It has become more likely that Prime Minister Shinzo Abe will dissolve the extraordinary Diet session scheduled to begin at the end of this month and call a snap general election for October 22 or October 29.
Should this scenario unfold, it would mean passage of both the gambling anti-addiction legislation as well as the crucial IR Implementation Bill would almost certainly be pushed back until next June, or possibly much later, complicating the casino plans of international operators and local governments alike.
Due largely to the missile crisis with North Korea, Abe has witnessed a rebound in his public approval ratings, and at the same time the opposition parties are in greater-than-usual disarray. The temptation for the prime minister to call an election at this juncture of his temporary advantage will likely prove overwhelming.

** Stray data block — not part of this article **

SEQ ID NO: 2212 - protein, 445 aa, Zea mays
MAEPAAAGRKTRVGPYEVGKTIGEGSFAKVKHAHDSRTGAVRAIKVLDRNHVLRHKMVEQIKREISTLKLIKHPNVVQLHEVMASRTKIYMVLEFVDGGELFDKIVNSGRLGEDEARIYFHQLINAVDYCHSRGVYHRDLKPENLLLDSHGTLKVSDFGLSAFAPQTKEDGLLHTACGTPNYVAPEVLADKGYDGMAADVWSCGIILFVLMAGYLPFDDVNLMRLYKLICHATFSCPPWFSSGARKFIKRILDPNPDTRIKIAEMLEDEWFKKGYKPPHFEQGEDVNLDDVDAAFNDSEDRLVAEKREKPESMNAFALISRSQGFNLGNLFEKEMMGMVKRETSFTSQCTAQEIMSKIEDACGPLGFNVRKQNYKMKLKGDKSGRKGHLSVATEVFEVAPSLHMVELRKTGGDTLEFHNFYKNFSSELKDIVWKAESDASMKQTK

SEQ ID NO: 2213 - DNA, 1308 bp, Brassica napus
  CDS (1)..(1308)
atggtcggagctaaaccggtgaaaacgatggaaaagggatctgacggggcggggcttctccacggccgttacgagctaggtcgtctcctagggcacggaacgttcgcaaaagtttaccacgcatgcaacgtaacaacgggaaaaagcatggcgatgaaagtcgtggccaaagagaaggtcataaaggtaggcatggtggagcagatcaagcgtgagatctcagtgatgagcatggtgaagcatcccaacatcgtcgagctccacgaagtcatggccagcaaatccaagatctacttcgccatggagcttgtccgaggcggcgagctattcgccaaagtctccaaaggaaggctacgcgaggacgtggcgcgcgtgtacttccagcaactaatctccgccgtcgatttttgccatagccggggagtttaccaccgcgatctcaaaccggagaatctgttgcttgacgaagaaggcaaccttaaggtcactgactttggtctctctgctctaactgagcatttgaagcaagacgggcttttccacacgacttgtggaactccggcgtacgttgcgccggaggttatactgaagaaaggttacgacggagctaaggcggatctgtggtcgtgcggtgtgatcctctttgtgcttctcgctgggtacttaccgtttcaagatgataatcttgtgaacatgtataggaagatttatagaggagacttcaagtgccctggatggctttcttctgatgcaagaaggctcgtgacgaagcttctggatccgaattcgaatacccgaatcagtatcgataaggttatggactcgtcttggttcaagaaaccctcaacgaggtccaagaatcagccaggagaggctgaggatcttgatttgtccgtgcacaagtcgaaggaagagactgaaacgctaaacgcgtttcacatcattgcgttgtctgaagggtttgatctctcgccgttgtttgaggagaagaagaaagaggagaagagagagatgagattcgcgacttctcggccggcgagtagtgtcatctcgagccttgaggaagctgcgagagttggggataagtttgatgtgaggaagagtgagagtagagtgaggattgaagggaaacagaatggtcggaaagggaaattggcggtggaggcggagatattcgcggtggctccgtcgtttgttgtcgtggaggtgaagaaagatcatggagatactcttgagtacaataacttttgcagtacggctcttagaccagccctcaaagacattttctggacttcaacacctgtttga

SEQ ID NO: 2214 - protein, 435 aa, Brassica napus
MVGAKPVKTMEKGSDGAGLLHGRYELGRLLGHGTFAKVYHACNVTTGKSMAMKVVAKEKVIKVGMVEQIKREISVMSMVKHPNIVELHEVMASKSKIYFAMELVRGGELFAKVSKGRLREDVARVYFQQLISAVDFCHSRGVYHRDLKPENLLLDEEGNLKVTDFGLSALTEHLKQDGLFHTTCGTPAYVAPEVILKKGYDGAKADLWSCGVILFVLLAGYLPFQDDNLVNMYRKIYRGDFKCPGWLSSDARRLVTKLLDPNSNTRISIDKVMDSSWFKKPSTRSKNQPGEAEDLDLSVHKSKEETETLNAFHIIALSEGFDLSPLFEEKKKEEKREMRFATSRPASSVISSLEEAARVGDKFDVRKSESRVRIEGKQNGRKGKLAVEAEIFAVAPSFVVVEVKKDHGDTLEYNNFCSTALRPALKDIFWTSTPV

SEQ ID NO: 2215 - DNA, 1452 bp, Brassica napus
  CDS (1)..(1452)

If so, there may not be any legislation passed in Japan until next year’s ordinary Diet session, at which the priority, as always, will be to pass the national fiscal year budget.
Conceivably, a general election could also significantly change the balance of forces between pro-casino and anti-casino lawmakers, though that is not a very likely outcome.
The main problem for the passage of the IR-related legislation in the event that a general election is held in October will be that it is simply not a top-level priority in comparison with other critical items on the agenda, and thus the scheduling of Diet debate could prove to be challenging for some time to come.
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